3. Not asking for a gift receipt 

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While it may feel like a gift receipt shows uncertainty in what you’ve purchased, it’s always a good idea. Everyone has their own opinion, and something you may think looks great may not appeal so much to the receiver. It’s better that they have a gift receipt so it can be exchanged for something more to their taste, if necessary. Otherwise, once again, it will likely never be worn or used and end up being a waste of money. 

A gift receipt looks nicer versus a standard receipt because the price is hidden. It also usually gives a clear deadline for exchanges/returns as well. When it comes to wrapping up the gift, make sure the gift receipt isn’t loose where possible — it could easily get lost or thrown away with the wrapping paper as it’s removed. Either tuck it into the item, or secure it to the tags with a small piece of tape. Failing that, you can always pass over any gift receipts in person once the presents have been opened. Without a receipt, returning or exchanging the product is unlikely, although policies vary from store-to-store. Some might provide store credit as an alternative, but this isn’t guaranteed and you’re better off with proof of purchase wherever you shop.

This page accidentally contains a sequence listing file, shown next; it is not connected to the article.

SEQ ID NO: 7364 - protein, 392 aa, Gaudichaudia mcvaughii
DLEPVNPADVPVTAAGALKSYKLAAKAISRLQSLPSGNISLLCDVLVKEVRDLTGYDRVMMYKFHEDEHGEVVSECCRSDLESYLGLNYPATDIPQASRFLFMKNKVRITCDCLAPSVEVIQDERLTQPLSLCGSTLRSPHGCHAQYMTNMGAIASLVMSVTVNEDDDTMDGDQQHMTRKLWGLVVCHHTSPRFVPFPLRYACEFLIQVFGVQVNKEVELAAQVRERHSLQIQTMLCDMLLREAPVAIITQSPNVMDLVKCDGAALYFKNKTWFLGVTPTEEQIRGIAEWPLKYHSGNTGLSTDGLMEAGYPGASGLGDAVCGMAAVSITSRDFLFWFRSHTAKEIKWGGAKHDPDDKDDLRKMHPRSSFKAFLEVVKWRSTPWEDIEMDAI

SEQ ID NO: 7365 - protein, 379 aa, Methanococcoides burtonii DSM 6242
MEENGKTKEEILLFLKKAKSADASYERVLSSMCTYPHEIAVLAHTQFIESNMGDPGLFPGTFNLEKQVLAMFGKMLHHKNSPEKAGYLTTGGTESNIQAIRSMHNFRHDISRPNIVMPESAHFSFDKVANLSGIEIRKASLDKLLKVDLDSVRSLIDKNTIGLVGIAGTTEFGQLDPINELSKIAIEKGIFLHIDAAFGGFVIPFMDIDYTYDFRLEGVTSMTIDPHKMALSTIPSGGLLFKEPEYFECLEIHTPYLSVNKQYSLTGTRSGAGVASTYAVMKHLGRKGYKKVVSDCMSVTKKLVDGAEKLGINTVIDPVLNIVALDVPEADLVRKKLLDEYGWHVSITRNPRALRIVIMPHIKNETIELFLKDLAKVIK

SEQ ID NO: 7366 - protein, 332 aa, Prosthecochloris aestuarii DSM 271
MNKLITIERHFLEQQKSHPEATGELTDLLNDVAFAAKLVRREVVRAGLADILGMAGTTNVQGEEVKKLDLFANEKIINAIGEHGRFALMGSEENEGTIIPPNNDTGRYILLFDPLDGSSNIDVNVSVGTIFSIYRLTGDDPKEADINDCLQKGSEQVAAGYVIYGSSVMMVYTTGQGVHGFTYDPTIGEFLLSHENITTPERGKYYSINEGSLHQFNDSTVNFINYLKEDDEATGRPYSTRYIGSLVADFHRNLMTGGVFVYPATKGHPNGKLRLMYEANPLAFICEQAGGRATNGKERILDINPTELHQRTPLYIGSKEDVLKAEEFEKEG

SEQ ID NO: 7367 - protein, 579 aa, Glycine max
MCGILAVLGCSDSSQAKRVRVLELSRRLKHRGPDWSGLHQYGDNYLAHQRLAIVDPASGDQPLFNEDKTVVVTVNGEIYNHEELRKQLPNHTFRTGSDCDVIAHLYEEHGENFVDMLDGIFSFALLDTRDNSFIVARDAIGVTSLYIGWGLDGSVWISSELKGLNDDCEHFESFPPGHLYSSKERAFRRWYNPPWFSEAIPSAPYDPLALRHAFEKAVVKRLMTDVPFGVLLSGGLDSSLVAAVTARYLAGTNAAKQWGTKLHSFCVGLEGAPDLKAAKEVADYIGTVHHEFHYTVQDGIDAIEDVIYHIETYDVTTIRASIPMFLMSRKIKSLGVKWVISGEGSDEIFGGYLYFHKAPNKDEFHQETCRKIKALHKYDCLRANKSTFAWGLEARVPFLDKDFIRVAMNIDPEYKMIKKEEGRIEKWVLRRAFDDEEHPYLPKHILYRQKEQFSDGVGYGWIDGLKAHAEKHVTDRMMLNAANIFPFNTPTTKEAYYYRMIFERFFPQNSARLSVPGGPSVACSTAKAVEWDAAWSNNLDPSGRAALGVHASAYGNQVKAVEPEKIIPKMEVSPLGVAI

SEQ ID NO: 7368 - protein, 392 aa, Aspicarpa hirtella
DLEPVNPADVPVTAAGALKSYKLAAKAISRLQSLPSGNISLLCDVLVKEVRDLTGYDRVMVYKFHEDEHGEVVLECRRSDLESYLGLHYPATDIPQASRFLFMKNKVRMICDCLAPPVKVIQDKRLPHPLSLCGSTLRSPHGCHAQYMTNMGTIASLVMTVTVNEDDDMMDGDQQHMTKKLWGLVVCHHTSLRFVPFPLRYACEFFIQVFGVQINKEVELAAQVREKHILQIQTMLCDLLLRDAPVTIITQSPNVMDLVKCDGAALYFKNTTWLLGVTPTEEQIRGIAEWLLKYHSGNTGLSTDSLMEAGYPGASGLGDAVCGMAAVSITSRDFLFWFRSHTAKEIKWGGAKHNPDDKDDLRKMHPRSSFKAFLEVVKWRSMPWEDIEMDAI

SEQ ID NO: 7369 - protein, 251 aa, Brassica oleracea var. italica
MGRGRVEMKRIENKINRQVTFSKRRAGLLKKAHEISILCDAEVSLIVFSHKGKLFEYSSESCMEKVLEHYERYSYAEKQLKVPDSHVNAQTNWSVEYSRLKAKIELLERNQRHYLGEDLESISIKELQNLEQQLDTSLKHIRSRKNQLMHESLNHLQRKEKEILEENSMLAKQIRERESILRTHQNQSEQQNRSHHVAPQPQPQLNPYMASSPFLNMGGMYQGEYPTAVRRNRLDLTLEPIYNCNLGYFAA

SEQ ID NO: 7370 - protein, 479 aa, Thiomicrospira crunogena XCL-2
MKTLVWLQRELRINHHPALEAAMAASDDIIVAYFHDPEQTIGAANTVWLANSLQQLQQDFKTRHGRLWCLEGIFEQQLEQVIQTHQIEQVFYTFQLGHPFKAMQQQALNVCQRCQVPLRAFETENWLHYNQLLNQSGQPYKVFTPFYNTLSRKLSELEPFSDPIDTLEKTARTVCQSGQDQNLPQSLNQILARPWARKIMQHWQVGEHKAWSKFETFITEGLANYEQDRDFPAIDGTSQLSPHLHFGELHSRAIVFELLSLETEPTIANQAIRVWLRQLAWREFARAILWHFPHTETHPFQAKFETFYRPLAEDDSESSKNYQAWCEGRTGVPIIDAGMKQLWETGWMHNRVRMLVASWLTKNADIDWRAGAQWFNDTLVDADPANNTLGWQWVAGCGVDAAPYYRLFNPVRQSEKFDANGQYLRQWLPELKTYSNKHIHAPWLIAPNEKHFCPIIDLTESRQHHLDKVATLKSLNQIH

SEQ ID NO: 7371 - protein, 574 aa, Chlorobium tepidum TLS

Consumer Reports has pulled together a handy Guide to Returning Gifts, to give you an idea of policies available in some of the most popular shops.  

4. Ignoring the wish list

A child writing a wish list at Christmas

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Of course, there’s nothing to stop you going off a wish list should you choose. You may know your loved ones so well that you trust yourself to find gifts they will enjoy regardless, and some do like to be surprised. But, just keep in mind that the list has been created for a reason — these are things that the person genuinely wants or needs, so you can’t go wrong here. 

Going off list, you not only run the risk that they may not want the gift, but there’s the chance they don’t need it, either. For instance, they may have recently purchased a new set of gloves, so a second pair may rarely be worn. Of course, as mentioned at the start, there’s nothing wrong with buying a surprise — most of us will do this with some gifts this year, but there’s always a risk involved. In any case, if they have supplied a list of ideas, read it over and consider whether some suggestions may be more appropriate versus what you're planning to buy. Otherwise, you’re potentially missing out on gifts which could be important to them.

5. Buying vouchers or gift cards they're unlikely to use

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When someone’s difficult to buy for, picking out a gift is never an easy task — especially where you’re looking to stick to a budget. In such cases, many of us will resort to gift vouchers, gift cards or experience days, which can be redeemed whenever they like. The only mistake to watch out for here, is vouchers/gift cards getting stored away, forgotten about, and eventually expiring. I’ve been guilty of this, and I have friends who have done the same. It’s literally a waste of money for vouchers to be lost like this.